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Catholic Church Sends Warning To Politicians Who Vote Pro-Abortion, Denies New Mexico Democrat Communion

Rev. Peter Baldacchino

It goes without saying that if you love God our creator, you love and protect life.

This is why anyone who claims to be Catholic cannot support abortion and participate in holy communion.

The two just don’t go together like oil and vinegar!

Catholicism isn’t a buffet, and you can’t pick and choose what you want to believe in.

Finally, the Catholic Church is stepping up and sending a message to Catholic politicians who vote in favor of abortion!

In New Mexico, the Bishop of Las Cruces, Rev. Peter Baldacchino, will NOT give communion to politicians who vote pro-abortion.

Democrat Senator Joe Cervantes attends church in the Diocese of Las Cruces and received communion until recently.

Noticing this, Rev. Baldacchino reached out to Cervantes repeatedly to discuss his pro-abortion stance on Senate Bill 10.

Senate Bill 10 is anti-life and repeals the abortion ban in New Mexico, something all Catholics should be against.

Cervantes was contacted multiple times and made aware that he should not receive communion if he voted for the bill.

What happened when Cervantes showed up to mass over the weekend and tried to receive communion?


Voting pro-abortion starkly contradicts being pro-life.

Why is that so hard for pro-abortion politicians to understand?

Life Site News has more on the story:

A New Mexico bishop last weekend denied Holy Communion to a lawmaker in his diocese who helped pass a recent pro-abortion law.

“I was denied communion last night by the Catholic bishop here in Las Cruces and based on my political office,” state Sen. Joe Cervantes (D) tweeted on Saturday. “My new parish priest has indicated he will do the same after the last was run off,” Cervantes continued. 

“Please pray for church authorities as Catholicism transitions under Pope Francis,” he said.

Cervantes, a pro-abortion Democrat, earlier this year co-sponsored Senate Bill 10, which repealed an inactive state statute that restricted abortion and protected conscience rights of healthcare providers. Cervantes had voted for legislation similar to Senate Bill 10 in 2019.

“There should be no laws which outlaw the private decisions regarding pregnancy,” the senator told the Albuquerque Journal in 2020. New Mexico has some of the laxest abortion rules in the nation, allowing elective abortion through all nine months of pregnancy. 

Cervantes also backed a law this year that made New Mexico the ninth state in the U.S. to authorize doctor-assisted suicide. 

The Diocese of Las Cruces responded on Monday to Cervantes’ tweet, diocese communications director Christopher Velasquez telling Catholic News Agency that “we regret the decision of Senator Cervantes to politicize this issue.” 

Velasquez noted that the denial of Communion to Sen. Cervantes came after his local priest repeatedly attempted to contact him about his support of Senate Bill 10.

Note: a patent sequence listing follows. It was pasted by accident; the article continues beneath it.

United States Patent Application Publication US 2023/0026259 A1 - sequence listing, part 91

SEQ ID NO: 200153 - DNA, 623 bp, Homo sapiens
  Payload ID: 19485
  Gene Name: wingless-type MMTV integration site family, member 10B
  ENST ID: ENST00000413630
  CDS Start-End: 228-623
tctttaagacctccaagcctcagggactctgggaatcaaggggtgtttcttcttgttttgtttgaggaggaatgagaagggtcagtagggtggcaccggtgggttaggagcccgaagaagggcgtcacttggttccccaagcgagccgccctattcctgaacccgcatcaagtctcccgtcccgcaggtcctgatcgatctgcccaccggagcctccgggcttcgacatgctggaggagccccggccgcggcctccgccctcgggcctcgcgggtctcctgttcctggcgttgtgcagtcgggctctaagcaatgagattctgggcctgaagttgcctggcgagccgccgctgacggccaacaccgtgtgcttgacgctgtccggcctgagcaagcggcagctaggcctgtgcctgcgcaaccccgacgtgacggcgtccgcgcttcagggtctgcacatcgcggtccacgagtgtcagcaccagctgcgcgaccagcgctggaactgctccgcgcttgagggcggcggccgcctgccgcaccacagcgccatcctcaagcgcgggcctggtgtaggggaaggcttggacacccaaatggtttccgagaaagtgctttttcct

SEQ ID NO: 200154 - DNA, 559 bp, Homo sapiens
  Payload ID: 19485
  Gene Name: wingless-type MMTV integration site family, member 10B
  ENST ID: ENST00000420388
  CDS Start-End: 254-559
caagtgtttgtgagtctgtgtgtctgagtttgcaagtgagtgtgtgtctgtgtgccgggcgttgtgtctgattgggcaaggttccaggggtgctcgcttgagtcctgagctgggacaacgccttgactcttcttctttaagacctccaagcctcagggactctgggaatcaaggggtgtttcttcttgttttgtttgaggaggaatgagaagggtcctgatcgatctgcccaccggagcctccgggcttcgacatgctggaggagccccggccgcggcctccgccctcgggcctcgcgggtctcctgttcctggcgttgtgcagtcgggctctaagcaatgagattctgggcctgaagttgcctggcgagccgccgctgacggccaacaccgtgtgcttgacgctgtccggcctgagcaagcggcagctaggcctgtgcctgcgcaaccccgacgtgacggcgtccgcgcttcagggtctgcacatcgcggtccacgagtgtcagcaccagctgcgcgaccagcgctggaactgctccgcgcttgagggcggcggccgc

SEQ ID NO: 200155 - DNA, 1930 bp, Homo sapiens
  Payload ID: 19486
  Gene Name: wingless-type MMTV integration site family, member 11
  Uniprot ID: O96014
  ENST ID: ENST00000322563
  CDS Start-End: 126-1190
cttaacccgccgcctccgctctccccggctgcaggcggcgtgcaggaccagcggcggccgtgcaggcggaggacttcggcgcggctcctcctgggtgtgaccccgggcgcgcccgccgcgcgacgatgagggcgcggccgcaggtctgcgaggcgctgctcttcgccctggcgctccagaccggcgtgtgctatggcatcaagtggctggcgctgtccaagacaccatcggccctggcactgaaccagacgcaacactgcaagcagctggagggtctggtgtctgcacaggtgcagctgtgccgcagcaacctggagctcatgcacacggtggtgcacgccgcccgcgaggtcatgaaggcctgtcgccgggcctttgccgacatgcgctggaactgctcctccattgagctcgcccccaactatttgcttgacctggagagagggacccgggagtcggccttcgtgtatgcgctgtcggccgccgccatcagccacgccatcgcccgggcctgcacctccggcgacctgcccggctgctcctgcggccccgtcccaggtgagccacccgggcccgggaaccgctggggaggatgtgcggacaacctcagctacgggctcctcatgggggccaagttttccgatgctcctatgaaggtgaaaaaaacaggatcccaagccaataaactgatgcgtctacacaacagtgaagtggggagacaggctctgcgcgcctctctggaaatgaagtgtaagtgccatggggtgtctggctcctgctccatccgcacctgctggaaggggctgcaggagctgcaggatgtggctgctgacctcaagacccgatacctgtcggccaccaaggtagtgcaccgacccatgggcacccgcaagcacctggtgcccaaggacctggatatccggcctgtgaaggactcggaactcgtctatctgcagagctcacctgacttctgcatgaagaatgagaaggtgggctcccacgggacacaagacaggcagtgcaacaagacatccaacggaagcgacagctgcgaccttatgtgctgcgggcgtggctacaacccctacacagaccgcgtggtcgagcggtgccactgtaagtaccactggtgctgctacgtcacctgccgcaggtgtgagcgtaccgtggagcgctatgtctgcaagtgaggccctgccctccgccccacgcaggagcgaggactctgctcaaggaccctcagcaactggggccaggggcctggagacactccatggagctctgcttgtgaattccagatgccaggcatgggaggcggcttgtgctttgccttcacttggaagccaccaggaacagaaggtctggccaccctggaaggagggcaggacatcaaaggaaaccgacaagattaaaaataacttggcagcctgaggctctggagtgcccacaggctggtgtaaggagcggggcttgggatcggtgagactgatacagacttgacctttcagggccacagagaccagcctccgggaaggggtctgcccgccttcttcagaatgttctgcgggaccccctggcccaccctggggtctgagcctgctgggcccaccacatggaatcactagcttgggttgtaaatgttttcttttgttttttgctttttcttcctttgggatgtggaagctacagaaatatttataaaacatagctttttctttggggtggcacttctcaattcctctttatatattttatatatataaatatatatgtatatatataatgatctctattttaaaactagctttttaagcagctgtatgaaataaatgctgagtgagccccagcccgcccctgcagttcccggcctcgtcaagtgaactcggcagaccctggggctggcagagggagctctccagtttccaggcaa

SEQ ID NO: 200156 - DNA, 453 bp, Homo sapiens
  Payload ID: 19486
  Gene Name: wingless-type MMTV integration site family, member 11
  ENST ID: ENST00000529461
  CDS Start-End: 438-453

The bishop of Las Cruces, Rev. Peter Baldacchino, “did not receive a response from the senator” either, even though Cervantes “was contacted multiple times prior, letting him know that if he voted for Senate Bill 10, he should not present himself for communion,” Velasquez said. 

Bishop Baldacchino, formerly an auxiliary bishop of Miami and a priest with the archdiocese of Newark, New Jersey, notably was the first American bishop to resume public Mass amid the COVID-19 crisis last year. 

His decision to withhold the Eucharist from Sen. Cervantes has been met with an outpouring of support from Catholics on social media. “We applaud the Bishop of @ROMDIOLC for standing up for the Truth! Pray for our bishops to be strong like Bishop Peter Baldacchino,” Catholic Connect tweeted on Monday. 

“Your bishop is doing a great job,” Twitter user Gabrielle tweeted in response to Cervantes on Saturday. “I am pleased to see a Catholic Bishop acting like a Catholic Bishop,” wrote another user. 

Last month, the United States Conference of Catholic Bishops (USCCB) voted to begin drafting a document that could clarify whether lawmakers like Cervantes who promote abortion should be denied the Eucharist. The Vatican had tried to suppress the measure, which passed 168-55. 

Dozens of congressional Democrats have also revolted against the policy, writing in an open letter in June that “the weaponization of the Eucharist to Democratic lawmakers for their support of a woman’s safe and legal access to abortion is contradictory.”

The Catholic Church recognizes abortion to be “gravely contrary to the moral law,” as The Catechism of the Catholic Church declares. “Formal cooperation in an abortion constitutes a grave offense. The Church attaches the canonical penalty of excommunication to this crime against human life.”

“In the case of an intrinsically unjust law, such as a law permitting abortion or euthanasia, it is therefore never licit to obey it, or to ‘take part in a propaganda campaign in favor of such a law, or vote for it,’” Pope St. John Paul II wrote in his encyclical Evangelium Vitae

Then-Cardinal Joseph Ratzinger reiterated those teachings in a doctrinal note while serving as the head of the Congregation of the Doctrine of the Faith and stressed in a 2004 memo to U.S. bishops that politicians who vote for pro-abortion policies engage in “formal cooperation” in the “grave sin” of abortion.

Pelosi and Biden are officially on notice!

Let’s hope their Churches follow suit as soon as possible.



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